Ten minutes of scooting

Here’s a ten minute video about driving in Hsinchu. I showed it to my dad a while back to see if it was remotely interesting, and he claimed it wasn’t a snoozefest. There are a few bumpy parts when the road was rough or my arm got tired, but it’s fairly smooth.


I like making videos; pictures and words are great, but videos make everything seem more real. Things are moving! Mandy’s really there! I’d love to be in front of the camera a little more, but when people see me in Photographer Mode, they put their cameras away and ask for copies of my pictures. I have no problem sharing, especially because people seem to enjoy what I’ve shot. But all my straight-armed, right-handed, same-amount-of-me-showing-in-every-shot self-portraits get a little tired. Consider Exhibit Beijing. These pictures were taken over the course of five days. I promise I changed clothes a few times:






6 comments

  1. As someone who has spent time on India’s mean streets (albeit not driving), nothing in here looked the least bit scary. I was a bit surprised all the non-numerical characters painted on the street were in Chinese, whereas the license plates used a Roman script.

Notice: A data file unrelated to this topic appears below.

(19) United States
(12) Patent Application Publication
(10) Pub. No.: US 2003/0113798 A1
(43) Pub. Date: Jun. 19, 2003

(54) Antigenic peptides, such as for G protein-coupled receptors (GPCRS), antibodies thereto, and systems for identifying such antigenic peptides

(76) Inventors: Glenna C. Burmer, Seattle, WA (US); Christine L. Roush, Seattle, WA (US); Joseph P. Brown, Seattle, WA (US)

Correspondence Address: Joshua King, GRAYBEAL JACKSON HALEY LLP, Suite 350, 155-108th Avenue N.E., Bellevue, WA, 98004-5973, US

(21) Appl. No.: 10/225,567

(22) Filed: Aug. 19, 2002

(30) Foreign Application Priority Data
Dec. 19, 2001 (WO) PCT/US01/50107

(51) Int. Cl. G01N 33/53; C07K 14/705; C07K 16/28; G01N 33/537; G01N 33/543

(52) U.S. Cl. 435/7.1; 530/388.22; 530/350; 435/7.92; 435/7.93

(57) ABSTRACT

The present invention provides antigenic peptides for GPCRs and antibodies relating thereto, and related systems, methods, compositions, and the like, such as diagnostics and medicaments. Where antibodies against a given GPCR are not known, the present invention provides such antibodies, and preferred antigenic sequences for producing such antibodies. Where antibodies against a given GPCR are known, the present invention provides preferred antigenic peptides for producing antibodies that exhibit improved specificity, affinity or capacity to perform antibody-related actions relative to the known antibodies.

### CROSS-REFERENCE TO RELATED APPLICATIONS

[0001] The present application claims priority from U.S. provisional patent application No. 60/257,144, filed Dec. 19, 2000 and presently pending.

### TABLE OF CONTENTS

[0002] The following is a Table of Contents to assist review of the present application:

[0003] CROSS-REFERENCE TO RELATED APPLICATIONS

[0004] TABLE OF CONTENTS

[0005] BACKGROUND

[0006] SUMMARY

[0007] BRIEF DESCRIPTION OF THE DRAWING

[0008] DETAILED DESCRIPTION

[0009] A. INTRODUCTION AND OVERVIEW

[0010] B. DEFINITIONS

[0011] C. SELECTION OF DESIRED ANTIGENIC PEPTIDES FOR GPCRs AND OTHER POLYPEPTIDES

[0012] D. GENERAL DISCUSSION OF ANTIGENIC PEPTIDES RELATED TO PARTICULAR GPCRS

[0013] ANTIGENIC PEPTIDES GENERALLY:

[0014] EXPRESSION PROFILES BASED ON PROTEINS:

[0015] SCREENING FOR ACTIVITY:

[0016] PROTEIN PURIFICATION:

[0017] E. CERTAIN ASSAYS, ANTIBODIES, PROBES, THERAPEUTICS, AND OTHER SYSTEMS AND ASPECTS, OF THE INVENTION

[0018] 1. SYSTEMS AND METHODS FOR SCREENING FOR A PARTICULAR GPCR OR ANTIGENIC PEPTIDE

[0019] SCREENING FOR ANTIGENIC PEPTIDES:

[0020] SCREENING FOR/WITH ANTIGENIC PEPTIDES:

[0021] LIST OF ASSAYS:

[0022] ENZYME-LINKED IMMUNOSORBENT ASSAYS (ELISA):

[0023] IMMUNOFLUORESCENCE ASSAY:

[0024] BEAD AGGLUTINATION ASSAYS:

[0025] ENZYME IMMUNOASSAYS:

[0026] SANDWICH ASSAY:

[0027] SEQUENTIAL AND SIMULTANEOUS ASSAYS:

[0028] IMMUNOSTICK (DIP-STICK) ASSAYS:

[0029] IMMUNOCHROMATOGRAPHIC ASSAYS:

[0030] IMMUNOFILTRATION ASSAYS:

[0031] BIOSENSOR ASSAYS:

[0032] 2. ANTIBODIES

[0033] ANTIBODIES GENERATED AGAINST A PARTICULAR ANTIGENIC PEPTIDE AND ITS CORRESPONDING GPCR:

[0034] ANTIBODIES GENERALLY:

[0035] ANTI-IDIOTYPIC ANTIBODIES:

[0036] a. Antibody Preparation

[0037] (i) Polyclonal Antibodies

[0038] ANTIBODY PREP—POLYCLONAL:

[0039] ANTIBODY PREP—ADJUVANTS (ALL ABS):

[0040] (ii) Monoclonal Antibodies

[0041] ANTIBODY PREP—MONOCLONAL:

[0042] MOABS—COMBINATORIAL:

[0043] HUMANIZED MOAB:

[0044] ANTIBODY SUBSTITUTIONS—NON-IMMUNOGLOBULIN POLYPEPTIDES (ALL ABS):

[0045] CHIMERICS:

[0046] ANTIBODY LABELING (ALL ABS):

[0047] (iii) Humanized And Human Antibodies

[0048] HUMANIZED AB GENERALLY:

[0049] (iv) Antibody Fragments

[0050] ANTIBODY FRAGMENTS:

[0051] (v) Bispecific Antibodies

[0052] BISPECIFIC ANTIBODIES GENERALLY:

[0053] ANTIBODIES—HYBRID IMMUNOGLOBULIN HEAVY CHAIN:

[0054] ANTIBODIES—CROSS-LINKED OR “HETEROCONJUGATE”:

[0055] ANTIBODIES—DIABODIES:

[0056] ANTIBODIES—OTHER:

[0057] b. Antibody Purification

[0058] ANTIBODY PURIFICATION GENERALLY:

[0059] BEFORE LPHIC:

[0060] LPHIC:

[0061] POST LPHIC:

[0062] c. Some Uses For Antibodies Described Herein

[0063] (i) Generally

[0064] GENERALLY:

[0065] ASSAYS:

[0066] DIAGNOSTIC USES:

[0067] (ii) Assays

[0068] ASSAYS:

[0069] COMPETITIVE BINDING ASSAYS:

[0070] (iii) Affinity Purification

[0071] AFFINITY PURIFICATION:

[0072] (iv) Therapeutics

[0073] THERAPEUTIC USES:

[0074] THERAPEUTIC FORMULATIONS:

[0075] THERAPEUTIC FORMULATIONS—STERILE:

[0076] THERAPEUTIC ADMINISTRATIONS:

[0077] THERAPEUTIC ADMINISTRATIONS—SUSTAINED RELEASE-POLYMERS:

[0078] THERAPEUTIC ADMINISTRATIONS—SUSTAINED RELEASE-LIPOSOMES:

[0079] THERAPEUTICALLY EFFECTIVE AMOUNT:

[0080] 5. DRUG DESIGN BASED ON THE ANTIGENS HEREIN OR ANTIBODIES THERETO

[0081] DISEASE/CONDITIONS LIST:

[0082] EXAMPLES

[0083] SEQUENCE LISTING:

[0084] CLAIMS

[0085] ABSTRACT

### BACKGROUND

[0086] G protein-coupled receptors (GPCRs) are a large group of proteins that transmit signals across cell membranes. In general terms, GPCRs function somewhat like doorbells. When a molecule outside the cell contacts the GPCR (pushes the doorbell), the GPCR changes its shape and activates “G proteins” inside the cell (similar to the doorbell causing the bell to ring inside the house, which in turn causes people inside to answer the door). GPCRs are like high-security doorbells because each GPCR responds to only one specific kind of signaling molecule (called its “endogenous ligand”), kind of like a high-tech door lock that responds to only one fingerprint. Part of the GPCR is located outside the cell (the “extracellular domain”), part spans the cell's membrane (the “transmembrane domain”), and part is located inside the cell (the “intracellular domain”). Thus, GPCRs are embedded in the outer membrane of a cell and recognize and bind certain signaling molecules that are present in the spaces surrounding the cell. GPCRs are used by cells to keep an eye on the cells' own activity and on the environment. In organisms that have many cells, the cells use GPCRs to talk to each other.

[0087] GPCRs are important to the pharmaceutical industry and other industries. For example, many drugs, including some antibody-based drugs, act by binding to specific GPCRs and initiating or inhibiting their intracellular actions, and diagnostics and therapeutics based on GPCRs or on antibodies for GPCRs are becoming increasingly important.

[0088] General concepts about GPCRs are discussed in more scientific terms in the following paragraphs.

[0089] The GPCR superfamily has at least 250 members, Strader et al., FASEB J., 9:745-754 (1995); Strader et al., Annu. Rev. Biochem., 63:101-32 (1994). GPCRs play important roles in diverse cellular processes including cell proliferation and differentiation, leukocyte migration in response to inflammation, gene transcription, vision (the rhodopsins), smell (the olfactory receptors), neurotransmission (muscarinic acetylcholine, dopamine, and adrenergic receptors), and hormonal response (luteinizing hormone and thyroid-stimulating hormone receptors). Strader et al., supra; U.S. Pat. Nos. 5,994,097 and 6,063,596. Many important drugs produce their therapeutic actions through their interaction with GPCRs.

Hope Gretchen’s better!

    1. Compared to India, this looks like perfectly controlled traffic.

      You’d be surprised how often the English alphabet is used – license plates, identification numbers, all sorts of random stuff. It’s only when you get deep into Asia, away from tourism and business, that you see only Chinese.

    1. It looks scarier than it is because everyone drives pretty slowly. I think we topped out at 45 or 50mph. Don’t worry. I’m a good driver 🙂

  2. You are too fun. I love this video! And also wondering if red lights mean anything to anyone there (including scooter drivers)…

    1. People run red lights just like they do in the States, but the big difference is that most lights have timers on them so you can see exactly how long until the light will be green. When the timer gets to 3 seconds, most people check for oncoming traffic, then go ahead, especially if they’re trying to turn left ahead of the other traffic.

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